Now that you’ve finished, add your total score.

• • • •

If you check 7 or higher on any question, Recovering from Religious Abuse can help you. If your total score is between 101 and 129, this book may be for you. If you score 130 or above, you definitely need Recovering from Religious Abuse. If you score above 150, your need for Recovering from Religious Abuse is significant.

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As many as 40 million people have abandoned Christianity because of an unpleasant experience—much of it because of religious abuse, but what constitutes abuse? Here is the definition I use in Recovering from Religious Abuse: 11 Steps to Spiritual Freedom, recently published by Simon & Schuster:

Religious abuse is the mistreatment of a person by someone in a position of spiritual authority, resulting in diminishing that person’s sense of wellbeing and growth—both spiritually and emotionally.

Religious abuse is the use of spiritual authority, by words or actions, to manipulate someone for personal gain or to achieve a personal agenda, thereby harming that person’s walk with God.

Religious abuse can also be defined as any misuse of Scripture, which harms a person’s relationship with God—like the damage resulting from cult involvement.

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When asked what mistakes he has made in the first two-and-one-half years of his Presidency, a startled Obama couldn’t come up with an answer, which seemed to surprise many but certainly not me. The reason he didn’t have an answer is simple: He doesn’t believe he has made any mistakes.

What’s more important than his answer is the reason behind it.

He’s a narcissist, and narcissists don’t believe they ever make mistakes—not specific ones anyway. From the perspective of a narcissist, when something goes wrong, it’s always someone else’s fault—not theirs.

Before you dismiss this as anti-Obama rhetoric, let me point out that George W. Bush couldn’t answer the question either—for the same reason. He, too, has a problem with narcissism.

Because of similar responses by Obama and Bush 43, especially after two terms of Clinton, whose narcissism had an aggressive sexual component to it, I have done some reflecting about the Presidents during my adulthood, based on whether or not any of the rest of them have had narcissistic tendencies. Here is what I have concluded:

  • Nixon was not only narcissistic, but paranoid as well, which proved to be a disastrous combination for our nation.
  • Ford, who was not elected by the people, was genuine and forthright, as well as dull and unexciting, displaying no such tendencies.
  • Carter still thinks his administration was successful, which those of us who lived through it, recognize as ridiculous. He is unable to come to the truth because it’s not in a the nature of a narcissist to do so.
  • Reagan was quick to admit when he was wrong and extremely adept at self-deprecating humor, which the fragile ego of a narcissist would never permit.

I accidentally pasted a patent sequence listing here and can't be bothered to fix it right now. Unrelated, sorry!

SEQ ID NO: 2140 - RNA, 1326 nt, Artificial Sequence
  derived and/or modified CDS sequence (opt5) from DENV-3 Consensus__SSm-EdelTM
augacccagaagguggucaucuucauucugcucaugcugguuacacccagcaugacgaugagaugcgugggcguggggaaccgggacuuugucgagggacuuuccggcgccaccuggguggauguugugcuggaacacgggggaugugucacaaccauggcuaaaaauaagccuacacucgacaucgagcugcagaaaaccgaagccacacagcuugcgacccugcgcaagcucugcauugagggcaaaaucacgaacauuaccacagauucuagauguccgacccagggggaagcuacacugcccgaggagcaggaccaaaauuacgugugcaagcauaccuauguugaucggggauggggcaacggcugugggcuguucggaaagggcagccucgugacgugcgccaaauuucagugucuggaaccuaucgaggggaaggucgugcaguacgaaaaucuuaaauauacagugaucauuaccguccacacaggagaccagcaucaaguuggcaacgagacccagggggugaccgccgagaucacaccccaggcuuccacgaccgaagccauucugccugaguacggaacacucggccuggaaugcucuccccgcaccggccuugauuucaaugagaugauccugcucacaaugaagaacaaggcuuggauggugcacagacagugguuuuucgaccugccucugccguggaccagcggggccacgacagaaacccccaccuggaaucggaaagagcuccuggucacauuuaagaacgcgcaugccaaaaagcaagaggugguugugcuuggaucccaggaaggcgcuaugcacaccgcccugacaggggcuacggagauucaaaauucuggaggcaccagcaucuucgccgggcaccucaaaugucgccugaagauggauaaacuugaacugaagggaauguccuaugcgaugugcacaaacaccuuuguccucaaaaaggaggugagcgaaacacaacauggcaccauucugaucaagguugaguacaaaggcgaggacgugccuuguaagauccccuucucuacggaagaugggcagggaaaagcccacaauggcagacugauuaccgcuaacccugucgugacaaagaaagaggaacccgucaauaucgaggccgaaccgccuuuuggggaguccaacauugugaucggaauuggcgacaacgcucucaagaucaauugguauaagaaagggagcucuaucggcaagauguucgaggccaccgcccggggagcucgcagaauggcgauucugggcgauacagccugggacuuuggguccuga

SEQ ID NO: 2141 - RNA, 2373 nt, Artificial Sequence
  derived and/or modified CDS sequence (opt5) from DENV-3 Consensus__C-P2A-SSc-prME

• Bush 41 lacked the leadership skills of his predecessor, but he seemed like a pretty normal guy, as did most veterans of World War II.
  • As previously mentioned, Clinton, Bush, and Obama all display various degrees of narcissism.

Looking back to earlier generations, Teddy Roosevelt is the only other obvious narcissist in the past century. Perhaps there were others, but my point is that we seem to elect chief executives that either have narcissistic tendencies or full-blown narcissistic personality disorders, which says more about the voters than it does about the Presidents.

As our nation ramps up for the next presidential election, voters need to spend greater effort measuring the contenders, adding a narcissistic criterion to the list of items that should disqualify a candidate. Below, I have listed the nine indicators of a Narcissistic Personality Disorder. If a candidate displays five or more, withhold your support. Remember, a narcissist is always charismatic but never a good leader.

A narcissist:

1. Has a grandiose sense of self-importance, exaggerating achievements and talents, and expects to be recognized as superior without commensurate achievements.

2. Is preoccupied with fantasies of unlimited success, power, brilliance, or beauty.

3. Believes that he of she is uniquely “special” and can only be understood by people of similar stature.

4. Requires excessive admiration.

5. Has a sense of entitlement and has unreasonable expectations of automatic compliance with his or her expectations.

6. Is interpersonally exploitative, taking advantage of others, especially underlings.

7. Lacks empathy. It’s all about them, and a narcissist  is unwilling to recognize or identify with the feelings or needs of others.

8. Is often envious of others or believes that others are envious of them.

9. Shows arrogant, haughty behaviors or attitudes.

While most politicians exhibit some of these characteristics, to be a narcissist, one has to meet at least five of these criteria. Sadly, we have had close to twenty continuous years of narcissism in the White House. In my humble opinion, “Enough is enough.”

At bare minimum, we need someone who can admit when he or she is wrong. If you have ever been married to someone who can’t admit being wrong, you know how dysfunctional the family becomes. Perhaps you’ve had a boss like that—one who makes the workplace unnecessarily difficult. It’s the same for a President. Because we have had so many of them, is it any wonder why our nation is so dysfunctional?

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Father,

I feel so broken and despondent.

My body writhes in despair,

Consumed with pain and anguish,

And I have a sense of hopelessness

That I fear will overwhelm me.

When will it ever end?

I go about without purpose,

Without understanding—devoid of joy,

Which once was mine in abundance.